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Sep 21 2010

Punting the Pundits

Punting the Pundits” is an Open Thread. It is a selection of editorials and opinions from around the news medium and the internet blogs. The intent is to provide a forum for your reactions and opinions, not just to the opinions presented, but to what ever you find important.

Roger Cohen:  Democracy Still Matters

LONDON – One mystery of the first decade of the 21st century is the decline of democracy. It’s not that nations with democratic systems have dwindled in number but that democracy has lost its luster. It’s an idea without a glow. And that’s worrying.

I said “mystery.” Those who saw something of the blood expended through the 20th century to secure liberal societies must inevitably find democracy’s diminished appeal puzzling. But there are reasons.

The lingering wars waged partly in democracy’s name in Iraq and Afghanistan hurt its reputation, however moving images of inky-fingered voters gripped by the revolutionary notion that they could decide who governs them. Given the bloody mayhem, it was easy to portray “democracy” as a fig leaf for the West’s bellicose designs and casual hypocrisies.

Dean Baker: The Terrible Tale of the TARP Two Years Later

Two years ago, the top honchos at the Fed, Treasury and the Wall Street banks were running around like Chicken Little warning that the world was about to end. This fear mongering, together with a big assist from the elite media (i.e. NPR, the Washington Post, the Wall Street Journal, etc.), earned the banks their $700 billion TARP blank check bailout. This money, along with even more valuable loans and loan guarantees from the Fed and FDIC, enabled them to survive the crisis they had created. As a result, the big banks are bigger and more profitable than ever.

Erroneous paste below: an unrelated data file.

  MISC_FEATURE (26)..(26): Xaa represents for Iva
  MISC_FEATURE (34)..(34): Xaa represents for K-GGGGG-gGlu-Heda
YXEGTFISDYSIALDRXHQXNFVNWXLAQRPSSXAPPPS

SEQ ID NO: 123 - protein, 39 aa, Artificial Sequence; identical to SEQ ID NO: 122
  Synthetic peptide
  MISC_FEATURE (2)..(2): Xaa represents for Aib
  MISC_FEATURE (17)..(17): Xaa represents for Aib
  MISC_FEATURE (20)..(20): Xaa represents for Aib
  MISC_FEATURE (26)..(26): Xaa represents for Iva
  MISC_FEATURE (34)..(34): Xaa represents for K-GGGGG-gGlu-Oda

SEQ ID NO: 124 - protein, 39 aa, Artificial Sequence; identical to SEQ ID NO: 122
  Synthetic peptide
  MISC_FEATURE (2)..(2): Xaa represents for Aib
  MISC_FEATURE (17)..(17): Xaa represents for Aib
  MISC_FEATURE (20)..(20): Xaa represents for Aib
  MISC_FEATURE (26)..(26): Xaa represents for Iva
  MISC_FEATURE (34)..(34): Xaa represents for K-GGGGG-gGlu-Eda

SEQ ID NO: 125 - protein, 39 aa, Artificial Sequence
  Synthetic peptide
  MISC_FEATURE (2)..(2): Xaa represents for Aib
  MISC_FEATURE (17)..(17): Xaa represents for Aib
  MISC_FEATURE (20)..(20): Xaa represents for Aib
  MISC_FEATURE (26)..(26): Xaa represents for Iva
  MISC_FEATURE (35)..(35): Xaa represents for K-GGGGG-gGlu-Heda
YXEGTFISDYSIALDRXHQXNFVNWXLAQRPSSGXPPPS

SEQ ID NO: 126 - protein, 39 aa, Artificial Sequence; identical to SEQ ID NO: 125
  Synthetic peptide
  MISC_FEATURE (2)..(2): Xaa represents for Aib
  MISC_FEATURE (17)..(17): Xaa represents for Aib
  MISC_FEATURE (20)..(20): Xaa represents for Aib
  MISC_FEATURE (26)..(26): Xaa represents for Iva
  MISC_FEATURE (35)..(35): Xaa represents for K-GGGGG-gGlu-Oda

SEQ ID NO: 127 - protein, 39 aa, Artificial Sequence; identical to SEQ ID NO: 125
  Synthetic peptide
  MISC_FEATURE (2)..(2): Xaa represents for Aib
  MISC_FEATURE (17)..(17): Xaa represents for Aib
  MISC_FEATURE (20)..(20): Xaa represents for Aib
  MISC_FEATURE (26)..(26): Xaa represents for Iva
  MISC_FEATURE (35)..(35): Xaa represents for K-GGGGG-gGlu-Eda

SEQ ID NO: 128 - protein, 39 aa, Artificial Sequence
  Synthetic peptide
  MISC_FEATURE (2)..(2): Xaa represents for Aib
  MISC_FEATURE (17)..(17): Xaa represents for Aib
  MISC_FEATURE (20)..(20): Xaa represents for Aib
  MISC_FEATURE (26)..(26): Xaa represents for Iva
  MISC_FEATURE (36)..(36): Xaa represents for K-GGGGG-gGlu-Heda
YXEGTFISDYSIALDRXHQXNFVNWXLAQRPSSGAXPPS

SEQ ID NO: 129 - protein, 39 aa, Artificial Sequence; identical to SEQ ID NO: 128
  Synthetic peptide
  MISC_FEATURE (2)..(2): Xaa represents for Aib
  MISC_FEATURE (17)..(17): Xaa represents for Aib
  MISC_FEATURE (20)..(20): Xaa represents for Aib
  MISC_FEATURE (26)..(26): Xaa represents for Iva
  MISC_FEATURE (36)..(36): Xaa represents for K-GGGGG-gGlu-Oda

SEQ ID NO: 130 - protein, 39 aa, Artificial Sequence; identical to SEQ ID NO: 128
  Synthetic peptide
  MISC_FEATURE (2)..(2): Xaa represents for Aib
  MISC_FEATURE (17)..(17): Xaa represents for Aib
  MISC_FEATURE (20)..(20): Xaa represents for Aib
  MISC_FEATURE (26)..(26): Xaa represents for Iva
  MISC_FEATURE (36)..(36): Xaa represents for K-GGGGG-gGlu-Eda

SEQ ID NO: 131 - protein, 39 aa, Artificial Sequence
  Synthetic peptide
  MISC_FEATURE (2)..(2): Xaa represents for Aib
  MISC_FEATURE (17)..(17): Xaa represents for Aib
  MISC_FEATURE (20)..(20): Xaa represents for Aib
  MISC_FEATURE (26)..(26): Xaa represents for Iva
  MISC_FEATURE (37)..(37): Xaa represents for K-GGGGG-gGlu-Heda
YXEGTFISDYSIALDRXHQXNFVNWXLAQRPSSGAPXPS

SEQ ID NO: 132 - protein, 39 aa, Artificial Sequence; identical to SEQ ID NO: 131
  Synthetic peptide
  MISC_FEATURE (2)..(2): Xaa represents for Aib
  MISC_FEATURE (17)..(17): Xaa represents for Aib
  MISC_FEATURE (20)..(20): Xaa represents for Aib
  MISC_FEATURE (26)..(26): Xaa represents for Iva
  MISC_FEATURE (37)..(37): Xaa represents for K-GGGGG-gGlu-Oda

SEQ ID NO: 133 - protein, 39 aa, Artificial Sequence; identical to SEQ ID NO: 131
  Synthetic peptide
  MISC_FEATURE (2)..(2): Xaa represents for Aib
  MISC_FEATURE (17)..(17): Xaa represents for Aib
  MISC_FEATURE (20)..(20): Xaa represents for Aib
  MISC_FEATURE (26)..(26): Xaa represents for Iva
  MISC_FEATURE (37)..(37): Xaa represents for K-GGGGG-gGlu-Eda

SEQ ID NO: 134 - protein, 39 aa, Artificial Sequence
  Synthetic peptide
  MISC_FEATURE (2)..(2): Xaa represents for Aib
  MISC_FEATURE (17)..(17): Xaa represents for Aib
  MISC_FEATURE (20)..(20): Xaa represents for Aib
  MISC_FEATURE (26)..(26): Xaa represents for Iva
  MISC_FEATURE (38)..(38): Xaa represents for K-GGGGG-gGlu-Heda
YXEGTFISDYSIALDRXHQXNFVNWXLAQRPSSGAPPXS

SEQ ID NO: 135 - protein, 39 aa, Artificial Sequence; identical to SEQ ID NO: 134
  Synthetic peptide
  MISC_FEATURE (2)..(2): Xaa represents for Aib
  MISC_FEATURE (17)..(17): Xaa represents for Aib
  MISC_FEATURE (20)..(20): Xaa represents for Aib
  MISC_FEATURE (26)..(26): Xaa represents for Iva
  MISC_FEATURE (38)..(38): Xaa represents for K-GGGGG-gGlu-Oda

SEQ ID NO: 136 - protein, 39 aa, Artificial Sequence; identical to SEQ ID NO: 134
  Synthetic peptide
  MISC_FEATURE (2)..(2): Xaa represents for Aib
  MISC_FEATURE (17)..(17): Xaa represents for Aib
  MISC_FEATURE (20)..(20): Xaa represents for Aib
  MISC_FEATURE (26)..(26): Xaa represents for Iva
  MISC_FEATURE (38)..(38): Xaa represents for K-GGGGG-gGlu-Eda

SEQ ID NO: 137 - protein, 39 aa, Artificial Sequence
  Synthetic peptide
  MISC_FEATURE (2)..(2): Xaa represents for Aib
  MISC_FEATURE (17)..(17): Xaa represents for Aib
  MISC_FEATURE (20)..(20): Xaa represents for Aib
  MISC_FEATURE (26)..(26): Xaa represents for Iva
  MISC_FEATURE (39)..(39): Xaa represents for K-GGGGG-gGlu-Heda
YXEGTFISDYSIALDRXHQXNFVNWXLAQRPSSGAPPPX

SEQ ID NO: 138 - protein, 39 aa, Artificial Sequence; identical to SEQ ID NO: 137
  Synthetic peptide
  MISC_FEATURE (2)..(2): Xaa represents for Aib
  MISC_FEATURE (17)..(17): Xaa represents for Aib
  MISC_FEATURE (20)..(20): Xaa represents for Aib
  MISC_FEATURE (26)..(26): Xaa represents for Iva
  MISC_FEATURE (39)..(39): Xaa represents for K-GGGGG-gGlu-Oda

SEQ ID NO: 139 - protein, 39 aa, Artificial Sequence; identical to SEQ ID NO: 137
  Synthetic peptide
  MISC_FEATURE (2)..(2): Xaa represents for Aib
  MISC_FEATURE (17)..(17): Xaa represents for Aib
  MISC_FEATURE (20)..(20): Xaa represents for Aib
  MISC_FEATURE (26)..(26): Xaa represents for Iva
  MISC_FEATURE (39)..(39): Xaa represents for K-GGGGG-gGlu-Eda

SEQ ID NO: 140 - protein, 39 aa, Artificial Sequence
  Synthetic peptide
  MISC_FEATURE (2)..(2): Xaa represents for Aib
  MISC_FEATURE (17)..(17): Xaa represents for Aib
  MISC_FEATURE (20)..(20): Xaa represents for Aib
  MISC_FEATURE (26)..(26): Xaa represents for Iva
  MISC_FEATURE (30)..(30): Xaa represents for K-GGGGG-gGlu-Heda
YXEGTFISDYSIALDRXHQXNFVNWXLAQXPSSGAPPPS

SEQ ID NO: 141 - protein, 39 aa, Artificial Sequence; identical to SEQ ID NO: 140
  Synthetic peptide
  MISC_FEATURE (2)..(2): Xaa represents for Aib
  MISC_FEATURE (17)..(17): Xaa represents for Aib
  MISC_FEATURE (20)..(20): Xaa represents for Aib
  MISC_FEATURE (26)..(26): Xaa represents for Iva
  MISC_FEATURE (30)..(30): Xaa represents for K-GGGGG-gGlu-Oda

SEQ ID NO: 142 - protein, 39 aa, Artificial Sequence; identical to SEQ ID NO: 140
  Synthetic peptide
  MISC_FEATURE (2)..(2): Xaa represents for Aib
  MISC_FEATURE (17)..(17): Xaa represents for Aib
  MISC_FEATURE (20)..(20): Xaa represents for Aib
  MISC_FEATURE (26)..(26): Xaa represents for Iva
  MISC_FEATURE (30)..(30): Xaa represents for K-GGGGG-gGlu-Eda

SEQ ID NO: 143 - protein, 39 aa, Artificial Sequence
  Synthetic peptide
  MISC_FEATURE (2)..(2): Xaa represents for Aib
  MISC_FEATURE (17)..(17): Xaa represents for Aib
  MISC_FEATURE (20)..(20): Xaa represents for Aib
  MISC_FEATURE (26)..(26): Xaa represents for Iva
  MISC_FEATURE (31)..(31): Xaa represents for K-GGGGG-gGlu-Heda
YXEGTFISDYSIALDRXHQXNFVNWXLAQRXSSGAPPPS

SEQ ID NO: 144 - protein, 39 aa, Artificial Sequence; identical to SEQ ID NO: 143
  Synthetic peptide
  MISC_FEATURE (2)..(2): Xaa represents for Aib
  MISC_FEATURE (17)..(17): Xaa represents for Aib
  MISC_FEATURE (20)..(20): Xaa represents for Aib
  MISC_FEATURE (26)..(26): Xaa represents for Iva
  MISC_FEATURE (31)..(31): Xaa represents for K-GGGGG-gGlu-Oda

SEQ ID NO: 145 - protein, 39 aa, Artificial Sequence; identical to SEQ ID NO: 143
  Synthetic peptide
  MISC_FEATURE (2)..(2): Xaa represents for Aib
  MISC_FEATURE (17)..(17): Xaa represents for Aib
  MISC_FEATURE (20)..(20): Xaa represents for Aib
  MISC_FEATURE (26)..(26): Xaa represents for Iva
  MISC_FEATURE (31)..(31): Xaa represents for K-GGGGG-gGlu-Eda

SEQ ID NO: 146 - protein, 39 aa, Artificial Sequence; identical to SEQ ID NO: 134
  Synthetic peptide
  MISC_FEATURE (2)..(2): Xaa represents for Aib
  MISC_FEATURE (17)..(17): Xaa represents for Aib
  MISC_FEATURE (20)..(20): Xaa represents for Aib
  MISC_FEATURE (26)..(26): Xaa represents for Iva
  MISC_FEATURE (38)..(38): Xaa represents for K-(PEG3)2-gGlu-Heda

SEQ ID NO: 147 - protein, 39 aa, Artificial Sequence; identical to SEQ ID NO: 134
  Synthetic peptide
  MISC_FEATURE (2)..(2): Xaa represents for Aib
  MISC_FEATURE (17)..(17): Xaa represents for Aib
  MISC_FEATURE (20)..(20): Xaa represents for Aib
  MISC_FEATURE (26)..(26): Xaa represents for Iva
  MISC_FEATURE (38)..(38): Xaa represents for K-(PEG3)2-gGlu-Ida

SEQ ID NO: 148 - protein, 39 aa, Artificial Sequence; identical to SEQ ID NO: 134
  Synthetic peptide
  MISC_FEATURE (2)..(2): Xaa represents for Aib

Now, the same crew that tapped our pockets two years ago is eagerly pitching the line that their bailout was good for us. It may be the case the history books are written by the winners, but that doesn’t prevent the rest of us from telling the truth.

Joe Conason: Coalition of fear: Tea Party, the religious right and Islamophobia

At Values Voters summit, anti-Muslim paranoia connects evangelical right with secular Tea Party movement

If the leaders of the religious right aspire to join forces with the Tea Party movement, their hopes were surely encouraged by the Values Voters Summit  in Washington — where such Tea Party celebrities Michele Bachmann and Jim DeMint shared the podium with Delaware sensation Christine O’Donnell — all of whom enthusiastically blessed the proposed marriage. Certainly they have much to share in their seething fury at the President and the congressional Democrats.

Bringing together the disparate elements of the right without a charismatic and credible leader like Ronald Reagan remains a challenge, however, since many Tea Party voters are libertarians and independents who have never felt called to the battlements of the culture war. What they seem to share, aside from the perennial aversion to taxes, is a powerful instinct to stigmatize Muslims and seek confrontation with Islam.

Bob Herbert: Neglecting the Base

Maybe it was just a coincidence, but it was striking, nevertheless.